Abstract: FR-PO004

Tumor Lysis Syndrome with Venetoclax

Session Information

Category: Nephrology Education

  • 1302 Fellows and Residents Case Reports

Authors

  • Parikh, Nishita, Hofstra Northwell School of Medicine, Great neck, New York, United States
  • Barrientos, Jacqueline, CLL Research and Treatment Center, Lake Success, New York, United States
  • Barnett, Richard L., Hofstra Northwell School of Medicine, Great neck, New York, United States
  • Katsetos, John F, CLL Research and Treatment Center, Lake Success, New York, United States
  • Merzkani, Massini, Hofstra Northwell School of Medicine, Great Neck, New York, United States
  • Mathew, Anna, Hofstra Northwell School of Medicine, Great neck, New York, United States
  • Jhaveri, Kenar D., Hofstra Northwell School of Medicine, Great neck, New York, United States
Background

Venetoclax is a BCL2 inhibitor approved for CLL treatment. A low dose of this drug has led to fatal cases of tumor lysis syndrome (TLS) in the initial trials.

Methods

A 64 year old female with CLL was admitted for worsening lymphadenopathy. After failing all therapy, she was planned to start on venetoclax( BCL2 inhibitor). Given her admission serum creatinine(Scr) of 1.9mg/dl, uric acid level of 8.1mg/dl, and serum phosphorus was 4.8mg/dl, she was started on crystalloid fluid resusitation and received one dose of rasburicase(0.2mg/kg). Pt. Scr improved to 1.3mg/dl. Given high tumor burden, nephrology was consulted early for TLS prevention. The patient was initiated at 20mg dose of venetoclax and TLS labs were monitored every four hours. Three hours after the initial dose, the patient had a sudden rise in the LDH to 1158u/dl, Scr was 1.6mg/dl and serum phosphorus was 7.6 g/dL, despite urine output of 100 cc of urine per hour. An early transfer to intensive care unit and initiation of continuous renal replacement therapy (CRRT) allowed for ongoing dosing of venetoclax with controlled clearance of phosphate, potassium and uric acid. She received a modified dosing of this drug and ultimately was given 50mg of the dose before CRRT was discontinued. LDH was followed serially as a marker for ongoing TLS. Following resolution of TLS lab markers, CRRT was stopped, the patient received 100mg of venetoclax, with stable renal function and no abnormal TLS markers. Figure below summarizes the lab data supporting early successful prevention of fatal TLS reported with this agent.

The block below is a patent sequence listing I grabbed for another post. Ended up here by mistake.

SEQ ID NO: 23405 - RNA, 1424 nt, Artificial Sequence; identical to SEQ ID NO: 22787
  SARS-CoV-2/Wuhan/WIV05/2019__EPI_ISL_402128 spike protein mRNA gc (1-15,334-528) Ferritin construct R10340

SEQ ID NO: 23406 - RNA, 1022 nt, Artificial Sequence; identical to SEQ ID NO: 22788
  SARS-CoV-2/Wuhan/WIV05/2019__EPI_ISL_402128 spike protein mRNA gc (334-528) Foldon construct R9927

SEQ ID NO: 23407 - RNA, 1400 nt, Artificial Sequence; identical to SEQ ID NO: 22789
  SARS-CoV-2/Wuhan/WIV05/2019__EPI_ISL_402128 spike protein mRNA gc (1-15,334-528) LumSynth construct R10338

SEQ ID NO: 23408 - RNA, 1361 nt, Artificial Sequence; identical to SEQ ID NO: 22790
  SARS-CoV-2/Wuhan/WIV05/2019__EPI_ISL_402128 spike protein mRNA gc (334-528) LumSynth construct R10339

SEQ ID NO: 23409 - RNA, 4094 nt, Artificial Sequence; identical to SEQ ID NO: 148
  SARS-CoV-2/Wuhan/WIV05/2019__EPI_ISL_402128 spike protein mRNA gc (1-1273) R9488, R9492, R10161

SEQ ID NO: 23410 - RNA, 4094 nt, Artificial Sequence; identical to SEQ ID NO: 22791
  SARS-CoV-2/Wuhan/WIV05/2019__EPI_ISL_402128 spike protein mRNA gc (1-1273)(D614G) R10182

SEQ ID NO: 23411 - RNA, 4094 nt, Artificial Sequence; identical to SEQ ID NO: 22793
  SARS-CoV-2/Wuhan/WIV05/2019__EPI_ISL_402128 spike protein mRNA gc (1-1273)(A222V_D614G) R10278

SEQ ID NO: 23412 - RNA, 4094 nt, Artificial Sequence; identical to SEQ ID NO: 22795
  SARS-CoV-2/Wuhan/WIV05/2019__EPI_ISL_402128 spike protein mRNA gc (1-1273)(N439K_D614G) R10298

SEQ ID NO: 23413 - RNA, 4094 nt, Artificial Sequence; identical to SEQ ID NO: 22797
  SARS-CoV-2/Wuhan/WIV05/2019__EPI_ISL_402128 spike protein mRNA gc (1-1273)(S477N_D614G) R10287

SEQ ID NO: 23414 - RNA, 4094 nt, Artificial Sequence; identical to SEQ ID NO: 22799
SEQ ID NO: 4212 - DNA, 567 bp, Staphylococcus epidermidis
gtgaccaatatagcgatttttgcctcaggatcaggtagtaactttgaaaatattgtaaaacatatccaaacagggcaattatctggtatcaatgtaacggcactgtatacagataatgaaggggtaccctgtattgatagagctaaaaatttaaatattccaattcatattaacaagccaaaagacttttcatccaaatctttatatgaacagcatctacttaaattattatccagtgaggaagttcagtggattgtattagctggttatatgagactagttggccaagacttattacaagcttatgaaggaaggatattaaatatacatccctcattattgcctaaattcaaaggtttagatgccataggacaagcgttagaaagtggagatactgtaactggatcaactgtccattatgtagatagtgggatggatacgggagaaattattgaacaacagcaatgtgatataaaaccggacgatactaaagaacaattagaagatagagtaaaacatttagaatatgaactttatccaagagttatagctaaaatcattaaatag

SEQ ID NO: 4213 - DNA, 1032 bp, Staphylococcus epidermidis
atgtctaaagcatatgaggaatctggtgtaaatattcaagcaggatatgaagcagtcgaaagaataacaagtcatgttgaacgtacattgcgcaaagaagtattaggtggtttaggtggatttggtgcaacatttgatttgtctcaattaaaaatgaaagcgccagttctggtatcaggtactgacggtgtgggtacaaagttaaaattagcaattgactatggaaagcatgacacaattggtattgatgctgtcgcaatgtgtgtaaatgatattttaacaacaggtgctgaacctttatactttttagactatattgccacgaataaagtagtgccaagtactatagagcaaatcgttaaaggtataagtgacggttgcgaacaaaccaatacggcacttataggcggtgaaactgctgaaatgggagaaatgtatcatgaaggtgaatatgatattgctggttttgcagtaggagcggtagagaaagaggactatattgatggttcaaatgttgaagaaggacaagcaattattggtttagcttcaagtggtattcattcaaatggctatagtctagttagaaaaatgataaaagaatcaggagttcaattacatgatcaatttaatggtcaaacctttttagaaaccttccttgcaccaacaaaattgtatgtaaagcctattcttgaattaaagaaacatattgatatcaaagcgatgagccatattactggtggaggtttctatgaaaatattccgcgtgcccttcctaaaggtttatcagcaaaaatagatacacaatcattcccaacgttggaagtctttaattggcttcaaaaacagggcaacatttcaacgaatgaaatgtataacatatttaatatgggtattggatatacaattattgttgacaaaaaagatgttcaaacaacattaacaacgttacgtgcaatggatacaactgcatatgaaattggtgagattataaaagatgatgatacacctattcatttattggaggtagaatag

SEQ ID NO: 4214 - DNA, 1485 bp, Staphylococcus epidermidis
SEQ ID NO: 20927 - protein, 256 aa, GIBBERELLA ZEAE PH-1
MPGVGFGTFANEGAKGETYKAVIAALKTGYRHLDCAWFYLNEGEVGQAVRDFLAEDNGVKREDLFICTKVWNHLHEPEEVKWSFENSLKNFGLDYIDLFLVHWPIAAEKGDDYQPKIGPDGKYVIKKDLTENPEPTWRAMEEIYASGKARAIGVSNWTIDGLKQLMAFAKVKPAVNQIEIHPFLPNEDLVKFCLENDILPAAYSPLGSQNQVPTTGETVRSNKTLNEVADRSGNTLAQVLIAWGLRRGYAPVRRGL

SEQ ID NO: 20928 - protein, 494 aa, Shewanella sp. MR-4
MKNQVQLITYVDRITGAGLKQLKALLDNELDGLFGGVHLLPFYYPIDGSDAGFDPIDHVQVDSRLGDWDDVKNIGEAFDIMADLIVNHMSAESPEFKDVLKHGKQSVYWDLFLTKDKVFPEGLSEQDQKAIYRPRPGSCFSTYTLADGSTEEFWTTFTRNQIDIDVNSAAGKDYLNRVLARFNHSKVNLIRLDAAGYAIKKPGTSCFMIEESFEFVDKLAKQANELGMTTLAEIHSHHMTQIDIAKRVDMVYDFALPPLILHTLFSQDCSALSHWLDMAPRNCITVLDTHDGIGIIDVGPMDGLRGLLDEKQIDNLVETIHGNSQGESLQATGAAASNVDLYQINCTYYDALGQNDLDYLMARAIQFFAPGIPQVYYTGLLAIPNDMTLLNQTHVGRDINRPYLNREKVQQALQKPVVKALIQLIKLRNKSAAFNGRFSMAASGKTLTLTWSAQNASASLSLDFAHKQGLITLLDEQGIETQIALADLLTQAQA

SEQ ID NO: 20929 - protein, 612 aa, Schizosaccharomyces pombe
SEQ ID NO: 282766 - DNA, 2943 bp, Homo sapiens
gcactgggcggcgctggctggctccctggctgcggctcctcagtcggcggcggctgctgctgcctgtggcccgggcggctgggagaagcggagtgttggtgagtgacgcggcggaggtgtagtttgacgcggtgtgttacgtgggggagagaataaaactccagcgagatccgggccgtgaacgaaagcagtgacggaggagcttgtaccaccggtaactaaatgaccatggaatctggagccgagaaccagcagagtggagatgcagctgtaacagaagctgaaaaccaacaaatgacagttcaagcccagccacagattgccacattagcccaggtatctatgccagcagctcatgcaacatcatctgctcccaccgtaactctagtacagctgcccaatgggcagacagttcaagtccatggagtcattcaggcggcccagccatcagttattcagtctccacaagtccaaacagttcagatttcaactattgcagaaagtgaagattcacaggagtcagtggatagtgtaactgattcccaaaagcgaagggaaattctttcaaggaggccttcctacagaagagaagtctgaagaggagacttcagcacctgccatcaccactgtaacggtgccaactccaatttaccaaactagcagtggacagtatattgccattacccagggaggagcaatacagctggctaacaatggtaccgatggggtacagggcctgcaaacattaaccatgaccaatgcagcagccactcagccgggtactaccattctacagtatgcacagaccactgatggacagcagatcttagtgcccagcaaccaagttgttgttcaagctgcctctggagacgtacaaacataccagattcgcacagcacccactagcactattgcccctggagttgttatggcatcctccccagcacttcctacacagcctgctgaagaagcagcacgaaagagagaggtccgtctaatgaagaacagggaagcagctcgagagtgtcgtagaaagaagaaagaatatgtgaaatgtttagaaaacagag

Conclusion

This case illustrates that early involvement of nephrology in high risk TLS associated with venetoclax can improve patient outcomes. Early initiation of CRRT even without significant renal injury along with modified dose escalation can prevent fatal TLS outcomes as described in the initial trials of this agent. Nephrologists need to be aware of this toxicity with this agent as it becomes commonly used.